Here is a sample from the online course "Unraveling the Mystery of Low Back Pain" with Dr. Ben Benjamin - available through the Benjamin Institute.
The goal of this course is to explore the anatomy, effective assessment techniques, and the treatment of one of the most common low back injuries. Many theories of low back pain have come and gone. At one time it was thought that most back pain was caused by injuries to the intervertebral discs; at another time it was thought to be the quadratus lumborum or psoas muscle; in the 1940s it was thought to originate mainly in the sacroiliac joint region. Over the years I've come to understand that all of those theories and several more were correct some of the time but only one was correct most of the time.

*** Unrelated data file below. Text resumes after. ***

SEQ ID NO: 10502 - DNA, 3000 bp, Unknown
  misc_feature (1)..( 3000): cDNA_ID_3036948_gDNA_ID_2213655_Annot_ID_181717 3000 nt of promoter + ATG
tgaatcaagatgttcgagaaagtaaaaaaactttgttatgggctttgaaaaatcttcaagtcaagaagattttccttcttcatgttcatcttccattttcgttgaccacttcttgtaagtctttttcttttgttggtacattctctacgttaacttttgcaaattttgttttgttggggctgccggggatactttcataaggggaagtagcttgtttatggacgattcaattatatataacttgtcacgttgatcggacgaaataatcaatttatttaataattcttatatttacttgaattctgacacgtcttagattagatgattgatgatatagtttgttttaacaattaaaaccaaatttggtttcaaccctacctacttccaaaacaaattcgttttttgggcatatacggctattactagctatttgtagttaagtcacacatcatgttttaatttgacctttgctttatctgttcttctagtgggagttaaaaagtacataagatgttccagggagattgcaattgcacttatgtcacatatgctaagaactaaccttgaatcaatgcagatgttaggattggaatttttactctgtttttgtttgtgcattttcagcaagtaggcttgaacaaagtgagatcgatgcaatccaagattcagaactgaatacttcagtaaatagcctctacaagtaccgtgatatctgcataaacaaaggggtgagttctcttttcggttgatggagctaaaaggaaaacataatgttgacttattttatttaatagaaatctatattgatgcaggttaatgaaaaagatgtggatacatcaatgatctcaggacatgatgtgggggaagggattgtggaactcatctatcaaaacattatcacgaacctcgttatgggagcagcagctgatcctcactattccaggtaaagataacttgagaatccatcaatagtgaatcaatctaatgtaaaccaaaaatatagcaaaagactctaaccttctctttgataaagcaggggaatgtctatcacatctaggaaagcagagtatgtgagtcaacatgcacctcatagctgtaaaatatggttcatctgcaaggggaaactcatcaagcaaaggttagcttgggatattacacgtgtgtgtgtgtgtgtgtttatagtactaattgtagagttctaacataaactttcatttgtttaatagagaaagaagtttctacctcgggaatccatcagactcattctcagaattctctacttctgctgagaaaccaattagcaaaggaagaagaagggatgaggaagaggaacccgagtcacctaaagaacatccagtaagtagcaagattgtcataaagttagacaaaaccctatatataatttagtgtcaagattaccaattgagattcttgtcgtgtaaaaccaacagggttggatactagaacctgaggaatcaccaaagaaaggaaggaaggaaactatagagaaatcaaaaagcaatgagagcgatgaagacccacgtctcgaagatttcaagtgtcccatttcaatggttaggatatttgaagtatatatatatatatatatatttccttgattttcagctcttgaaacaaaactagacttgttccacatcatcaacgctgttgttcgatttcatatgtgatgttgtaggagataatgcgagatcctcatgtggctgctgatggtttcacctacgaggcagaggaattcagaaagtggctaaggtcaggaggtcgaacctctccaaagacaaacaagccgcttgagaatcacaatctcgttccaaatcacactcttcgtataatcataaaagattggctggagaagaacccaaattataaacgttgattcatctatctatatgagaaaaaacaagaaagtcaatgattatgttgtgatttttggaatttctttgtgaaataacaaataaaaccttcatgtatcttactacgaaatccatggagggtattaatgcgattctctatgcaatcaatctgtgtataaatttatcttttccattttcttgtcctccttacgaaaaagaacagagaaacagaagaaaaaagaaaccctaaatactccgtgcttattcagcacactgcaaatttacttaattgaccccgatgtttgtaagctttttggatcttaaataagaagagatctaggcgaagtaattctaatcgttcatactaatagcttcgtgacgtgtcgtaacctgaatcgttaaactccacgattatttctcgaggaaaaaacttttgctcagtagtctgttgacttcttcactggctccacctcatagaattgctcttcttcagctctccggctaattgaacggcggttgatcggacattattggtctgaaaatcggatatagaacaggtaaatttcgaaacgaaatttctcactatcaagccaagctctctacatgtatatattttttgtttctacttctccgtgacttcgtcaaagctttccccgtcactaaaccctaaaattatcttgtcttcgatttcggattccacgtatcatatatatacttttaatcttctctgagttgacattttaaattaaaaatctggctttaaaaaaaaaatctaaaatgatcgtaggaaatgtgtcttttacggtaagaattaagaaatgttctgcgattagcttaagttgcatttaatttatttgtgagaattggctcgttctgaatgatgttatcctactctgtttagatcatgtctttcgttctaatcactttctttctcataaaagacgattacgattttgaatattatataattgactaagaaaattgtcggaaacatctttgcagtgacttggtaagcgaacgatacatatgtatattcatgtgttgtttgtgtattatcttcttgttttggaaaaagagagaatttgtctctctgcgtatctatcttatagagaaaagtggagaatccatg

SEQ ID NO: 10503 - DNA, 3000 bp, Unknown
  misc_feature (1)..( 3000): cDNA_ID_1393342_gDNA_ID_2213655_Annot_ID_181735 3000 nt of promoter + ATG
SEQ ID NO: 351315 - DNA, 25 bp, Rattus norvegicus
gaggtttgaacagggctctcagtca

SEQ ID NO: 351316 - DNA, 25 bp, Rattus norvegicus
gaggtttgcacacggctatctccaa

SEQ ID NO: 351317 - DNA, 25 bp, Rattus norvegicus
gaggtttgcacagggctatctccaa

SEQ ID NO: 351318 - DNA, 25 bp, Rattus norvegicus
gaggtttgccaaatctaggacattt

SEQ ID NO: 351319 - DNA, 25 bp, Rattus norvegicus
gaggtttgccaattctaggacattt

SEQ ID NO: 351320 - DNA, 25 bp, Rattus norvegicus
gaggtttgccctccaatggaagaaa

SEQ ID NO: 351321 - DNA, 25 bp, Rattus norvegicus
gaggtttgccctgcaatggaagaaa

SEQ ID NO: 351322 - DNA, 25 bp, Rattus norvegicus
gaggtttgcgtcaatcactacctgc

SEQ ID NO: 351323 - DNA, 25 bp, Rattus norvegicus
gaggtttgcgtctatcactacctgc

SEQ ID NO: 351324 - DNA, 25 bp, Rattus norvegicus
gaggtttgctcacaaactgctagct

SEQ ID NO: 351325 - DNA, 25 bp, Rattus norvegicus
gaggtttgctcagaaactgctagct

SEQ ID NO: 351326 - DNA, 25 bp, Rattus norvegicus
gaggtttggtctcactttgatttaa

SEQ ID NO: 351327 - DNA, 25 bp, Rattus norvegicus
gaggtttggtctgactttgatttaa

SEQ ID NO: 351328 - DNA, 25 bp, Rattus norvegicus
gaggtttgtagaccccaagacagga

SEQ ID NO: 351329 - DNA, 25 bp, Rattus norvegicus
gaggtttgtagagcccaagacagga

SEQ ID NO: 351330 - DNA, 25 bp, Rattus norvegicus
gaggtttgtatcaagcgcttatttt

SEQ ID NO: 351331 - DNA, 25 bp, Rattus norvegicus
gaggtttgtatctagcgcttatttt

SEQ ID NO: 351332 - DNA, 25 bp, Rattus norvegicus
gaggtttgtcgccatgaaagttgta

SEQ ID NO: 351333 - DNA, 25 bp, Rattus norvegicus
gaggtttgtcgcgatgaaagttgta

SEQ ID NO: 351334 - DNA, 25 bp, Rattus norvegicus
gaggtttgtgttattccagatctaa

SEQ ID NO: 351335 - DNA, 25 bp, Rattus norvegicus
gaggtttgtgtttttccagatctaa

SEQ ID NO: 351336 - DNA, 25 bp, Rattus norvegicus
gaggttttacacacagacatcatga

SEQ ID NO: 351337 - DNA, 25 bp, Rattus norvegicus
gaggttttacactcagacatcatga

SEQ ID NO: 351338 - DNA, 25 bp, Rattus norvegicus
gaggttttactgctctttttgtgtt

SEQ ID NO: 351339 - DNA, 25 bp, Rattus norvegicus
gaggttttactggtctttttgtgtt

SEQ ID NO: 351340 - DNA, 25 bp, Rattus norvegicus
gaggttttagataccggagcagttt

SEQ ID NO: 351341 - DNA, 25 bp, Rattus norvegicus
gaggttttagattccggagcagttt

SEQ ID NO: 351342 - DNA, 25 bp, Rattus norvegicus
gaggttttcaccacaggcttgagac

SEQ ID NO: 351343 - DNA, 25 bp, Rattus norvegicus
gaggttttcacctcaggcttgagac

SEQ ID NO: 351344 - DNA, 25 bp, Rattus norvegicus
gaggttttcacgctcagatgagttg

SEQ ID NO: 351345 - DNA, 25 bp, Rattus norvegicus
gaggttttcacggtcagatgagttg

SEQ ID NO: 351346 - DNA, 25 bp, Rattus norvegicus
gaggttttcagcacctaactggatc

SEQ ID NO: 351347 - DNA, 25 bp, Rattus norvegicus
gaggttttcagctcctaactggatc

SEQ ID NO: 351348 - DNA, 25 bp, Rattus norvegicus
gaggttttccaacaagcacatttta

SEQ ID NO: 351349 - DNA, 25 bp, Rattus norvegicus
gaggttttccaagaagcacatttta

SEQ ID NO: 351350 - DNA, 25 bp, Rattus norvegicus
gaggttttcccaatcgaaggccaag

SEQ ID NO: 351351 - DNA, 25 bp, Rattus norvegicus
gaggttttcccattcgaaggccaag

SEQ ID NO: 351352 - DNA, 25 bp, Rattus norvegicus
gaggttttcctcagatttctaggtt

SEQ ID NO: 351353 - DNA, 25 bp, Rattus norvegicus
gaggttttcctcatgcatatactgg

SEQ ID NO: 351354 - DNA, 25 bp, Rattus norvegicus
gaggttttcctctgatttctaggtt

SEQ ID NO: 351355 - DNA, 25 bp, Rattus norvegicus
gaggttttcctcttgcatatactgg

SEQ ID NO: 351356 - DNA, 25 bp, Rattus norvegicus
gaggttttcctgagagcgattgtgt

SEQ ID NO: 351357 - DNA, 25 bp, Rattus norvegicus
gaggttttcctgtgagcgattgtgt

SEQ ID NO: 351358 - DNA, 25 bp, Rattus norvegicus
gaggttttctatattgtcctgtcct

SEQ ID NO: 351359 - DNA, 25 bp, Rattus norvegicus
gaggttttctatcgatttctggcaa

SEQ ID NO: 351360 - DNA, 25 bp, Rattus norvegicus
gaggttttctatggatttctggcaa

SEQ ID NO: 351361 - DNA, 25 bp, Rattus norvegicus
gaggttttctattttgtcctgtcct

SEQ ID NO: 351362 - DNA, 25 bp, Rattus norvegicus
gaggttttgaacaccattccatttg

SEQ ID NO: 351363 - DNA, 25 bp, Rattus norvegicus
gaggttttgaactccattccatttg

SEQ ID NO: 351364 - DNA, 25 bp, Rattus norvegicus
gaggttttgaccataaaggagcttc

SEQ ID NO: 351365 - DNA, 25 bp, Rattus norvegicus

There are three layers of sacroiliac ligaments: the posterior sacroiliac ligaments, underneath those the Interosseous sacroiliac ligaments, and deeper still are the anterior sacroiliac ligaments. Let me show you the posterior fibers in more detail, they are the only ones our fingers can reach and where most injured fibers occur. The posterior sacroiliac ligaments are located in the deep depression between the sacrum and ilium; and they are very strong - they form the chief connection between the sacrum and iliac bones. They consist of numerous fasciculi or bundles of fibers, which pass between the two bones in various directions...
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